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Topic: Early hominid development 

World History

 Standard 1.  Understands the biological and cultural processes that shaped the earliest human communities
  Level II (Grade 5-6)
   Benchmark 1.Understands scientific evidence regarding early hominid evolution in Africa (e.g., daily life of individuals and communities in early hunter-gatherer populations; major anthropological discoveries, their locations, and their discoverers)
    Knowledge/skill statements
     1.Understands the daily life of individuals and communities in early hunter-gatherer populations
     2.Understands major anthropological discoveries in Africa
     3.Knows the locations of major anthropological discoveries in Africa
     4.Knows the individuals who have made major anthropological discoveries in Africa
  Level III (Grade 7-8)
   Benchmark 1.Understands early hominid development and scientific methods used to determine the dates and evolution of different human communities (e.g., methods employed by archaeologists, geologists, and anthropologists to study hominid evolution; the approximate chronology, sequence, and territorial range of early hominid evolution in Africa from the Australopithecines to Homo erectus)
    Knowledge/skill statements
     1.Knows a variety of scientific methods used by archaeologists, geologists, and anthropologists to determine the dates of early human communities
     2.Knows a variety of scientific methods used by archaeologists, geologists, and anthropologists to study the evolution of early human communities
     3.Knows the approximate chronology and sequence of early hominid evolution in Africa from the Australopithecines to Homo erectus
     4.Knows the territorial range of early hominid evolution in Africa from the Australopithecines to Homo erectus
  Level IV (Grade 9-12)
   Benchmark 1.Understands methods by which early human communities are studied and what these studies reveal (e.g., the way in which newly discovered sites and investigative techniques used to examine them affect the study and understanding of human evolution, how common refuse can be studied to make inferences about earlier communities)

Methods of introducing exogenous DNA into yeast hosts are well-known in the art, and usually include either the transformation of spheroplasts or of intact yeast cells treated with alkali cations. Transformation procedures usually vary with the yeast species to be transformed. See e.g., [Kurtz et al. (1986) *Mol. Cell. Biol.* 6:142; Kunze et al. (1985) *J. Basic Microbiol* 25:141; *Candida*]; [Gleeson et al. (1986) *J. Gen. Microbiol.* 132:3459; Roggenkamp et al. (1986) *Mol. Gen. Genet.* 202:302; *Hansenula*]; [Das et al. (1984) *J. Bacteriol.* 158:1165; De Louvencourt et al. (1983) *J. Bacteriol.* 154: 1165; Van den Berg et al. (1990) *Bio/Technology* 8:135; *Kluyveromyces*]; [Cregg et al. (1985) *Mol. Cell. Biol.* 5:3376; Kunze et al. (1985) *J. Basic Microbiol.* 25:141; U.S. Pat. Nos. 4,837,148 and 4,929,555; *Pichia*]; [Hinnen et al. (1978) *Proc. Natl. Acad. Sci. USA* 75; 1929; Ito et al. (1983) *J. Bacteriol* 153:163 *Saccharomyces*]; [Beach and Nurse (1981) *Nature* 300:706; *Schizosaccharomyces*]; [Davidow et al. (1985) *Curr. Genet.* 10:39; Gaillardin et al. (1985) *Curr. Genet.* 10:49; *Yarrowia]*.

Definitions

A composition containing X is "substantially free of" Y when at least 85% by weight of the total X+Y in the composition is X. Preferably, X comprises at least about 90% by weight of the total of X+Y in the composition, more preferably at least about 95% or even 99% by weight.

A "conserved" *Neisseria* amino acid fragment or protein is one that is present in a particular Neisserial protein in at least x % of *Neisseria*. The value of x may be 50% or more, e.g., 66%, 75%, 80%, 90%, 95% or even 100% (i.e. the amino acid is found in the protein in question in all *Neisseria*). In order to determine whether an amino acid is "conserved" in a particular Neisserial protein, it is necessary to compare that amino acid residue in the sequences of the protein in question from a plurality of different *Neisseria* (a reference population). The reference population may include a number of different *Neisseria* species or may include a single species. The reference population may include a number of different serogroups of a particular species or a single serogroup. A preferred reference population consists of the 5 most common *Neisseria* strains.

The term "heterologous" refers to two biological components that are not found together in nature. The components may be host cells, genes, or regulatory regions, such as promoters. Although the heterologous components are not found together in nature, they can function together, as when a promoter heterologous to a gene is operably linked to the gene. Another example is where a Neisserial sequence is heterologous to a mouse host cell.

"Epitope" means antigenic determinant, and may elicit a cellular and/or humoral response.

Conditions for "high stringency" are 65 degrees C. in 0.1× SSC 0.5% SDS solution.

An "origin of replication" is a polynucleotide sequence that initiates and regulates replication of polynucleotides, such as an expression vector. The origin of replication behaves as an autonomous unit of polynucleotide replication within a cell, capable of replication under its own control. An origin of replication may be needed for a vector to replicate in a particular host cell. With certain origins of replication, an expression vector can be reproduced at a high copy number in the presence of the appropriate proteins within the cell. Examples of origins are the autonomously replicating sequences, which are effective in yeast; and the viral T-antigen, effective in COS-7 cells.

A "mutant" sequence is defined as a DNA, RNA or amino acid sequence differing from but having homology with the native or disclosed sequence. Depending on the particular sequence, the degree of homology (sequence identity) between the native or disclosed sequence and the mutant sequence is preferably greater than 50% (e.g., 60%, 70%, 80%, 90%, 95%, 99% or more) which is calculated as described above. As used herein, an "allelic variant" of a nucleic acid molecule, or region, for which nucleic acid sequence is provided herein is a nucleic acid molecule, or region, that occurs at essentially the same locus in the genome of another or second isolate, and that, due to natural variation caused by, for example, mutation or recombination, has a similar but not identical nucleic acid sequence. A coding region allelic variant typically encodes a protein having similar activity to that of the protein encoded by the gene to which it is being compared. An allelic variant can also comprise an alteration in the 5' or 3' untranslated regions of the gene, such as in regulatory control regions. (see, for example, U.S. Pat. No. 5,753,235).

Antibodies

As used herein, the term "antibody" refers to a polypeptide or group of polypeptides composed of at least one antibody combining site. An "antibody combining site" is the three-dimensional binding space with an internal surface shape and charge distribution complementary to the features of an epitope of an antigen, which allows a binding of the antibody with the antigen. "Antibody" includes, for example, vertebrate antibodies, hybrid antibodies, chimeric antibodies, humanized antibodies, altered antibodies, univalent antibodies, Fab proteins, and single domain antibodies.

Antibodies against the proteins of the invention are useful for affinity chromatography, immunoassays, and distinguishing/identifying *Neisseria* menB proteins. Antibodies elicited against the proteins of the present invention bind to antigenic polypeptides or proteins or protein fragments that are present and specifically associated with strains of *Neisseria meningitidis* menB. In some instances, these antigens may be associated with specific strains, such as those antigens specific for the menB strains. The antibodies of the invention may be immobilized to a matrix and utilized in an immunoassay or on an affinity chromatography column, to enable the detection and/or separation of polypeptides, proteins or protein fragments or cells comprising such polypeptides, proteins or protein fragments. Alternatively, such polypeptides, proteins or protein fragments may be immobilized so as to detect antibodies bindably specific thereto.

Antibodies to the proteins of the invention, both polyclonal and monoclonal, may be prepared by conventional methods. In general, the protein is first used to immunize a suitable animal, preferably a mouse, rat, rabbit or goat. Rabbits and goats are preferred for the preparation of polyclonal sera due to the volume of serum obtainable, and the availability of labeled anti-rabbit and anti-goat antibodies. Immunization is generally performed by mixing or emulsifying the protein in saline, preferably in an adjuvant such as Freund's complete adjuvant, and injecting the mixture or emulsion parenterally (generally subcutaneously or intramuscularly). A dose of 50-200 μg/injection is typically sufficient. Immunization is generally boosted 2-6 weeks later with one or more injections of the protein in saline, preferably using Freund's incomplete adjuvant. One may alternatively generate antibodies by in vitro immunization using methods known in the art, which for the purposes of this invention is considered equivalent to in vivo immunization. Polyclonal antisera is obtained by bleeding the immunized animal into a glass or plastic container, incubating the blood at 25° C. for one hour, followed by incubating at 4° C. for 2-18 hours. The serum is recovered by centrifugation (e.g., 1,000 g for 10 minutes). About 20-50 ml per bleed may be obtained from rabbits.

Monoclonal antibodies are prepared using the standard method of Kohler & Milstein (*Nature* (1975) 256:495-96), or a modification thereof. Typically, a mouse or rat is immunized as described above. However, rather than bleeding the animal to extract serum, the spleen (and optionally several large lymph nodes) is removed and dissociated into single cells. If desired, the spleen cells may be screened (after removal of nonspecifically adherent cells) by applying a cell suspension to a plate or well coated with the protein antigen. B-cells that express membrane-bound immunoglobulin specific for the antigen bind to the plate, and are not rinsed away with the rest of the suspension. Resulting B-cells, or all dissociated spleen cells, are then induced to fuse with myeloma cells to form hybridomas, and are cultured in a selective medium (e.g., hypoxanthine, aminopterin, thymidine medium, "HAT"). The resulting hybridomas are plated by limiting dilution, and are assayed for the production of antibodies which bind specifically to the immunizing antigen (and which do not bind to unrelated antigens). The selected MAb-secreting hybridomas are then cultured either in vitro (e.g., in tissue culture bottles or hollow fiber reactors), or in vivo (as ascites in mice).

Knowledge/skill statements
     1.Understands the way in which newly discovered sites and investigative techniques used to examine them affect the study and understanding of human evolution
     2.Knows how common refuse can be studied to make inferences about earlier communities
   Benchmark 3.Understands physical, social, and cultural characteristics of different human communities (e.g., the possible types of early hominid communities; characteristics of skeletal remains of nonhominid, primate, hominid, and Homo sapiens and how to classify them chronologically; major features of flora, fauna, and climate associated with different hominid communities)
    Knowledge/skill statements
     1.Knows physical characteristics of different early human communities
     2.Knows social characteristics of different early human communities
     3.Knows cultural characteristics of different early human communities
     4.Knows the possible types of early hominid communities
     5.Knows characteristics of skeletal remains of nonhominid, primate, hominid, and Homo sapiens and how to classify them chronologically
     6.Knows major features of flora, fauna, and climate associated with different hominid communities
   Benchmark 4.Understands environmental, biological, and cultural influences on early human communities (e.g., how language helped early humans hunt, establish roles, rules, and structure within communities; the proposition that Mesolithic peoples were the first to take advantage of a changing climate; biological and cultural relationships between Neanderthal and Homo sapiens sapiens)
    Knowledge/skill statements
     1.Understands environmental influences on early human communities
     2.Understands biological influences on early human communities
     3.Understands cultural influences on early human communities
     4.Understands how language helped early humans hunt, establish roles, rules, and structure within communities
     5.Knows the proposition that Mesolithic peoples were the first to take advantage of a changing climate
     6.Understands the biological and cultural relationships between Neanderthal and Homo sapiens sapiens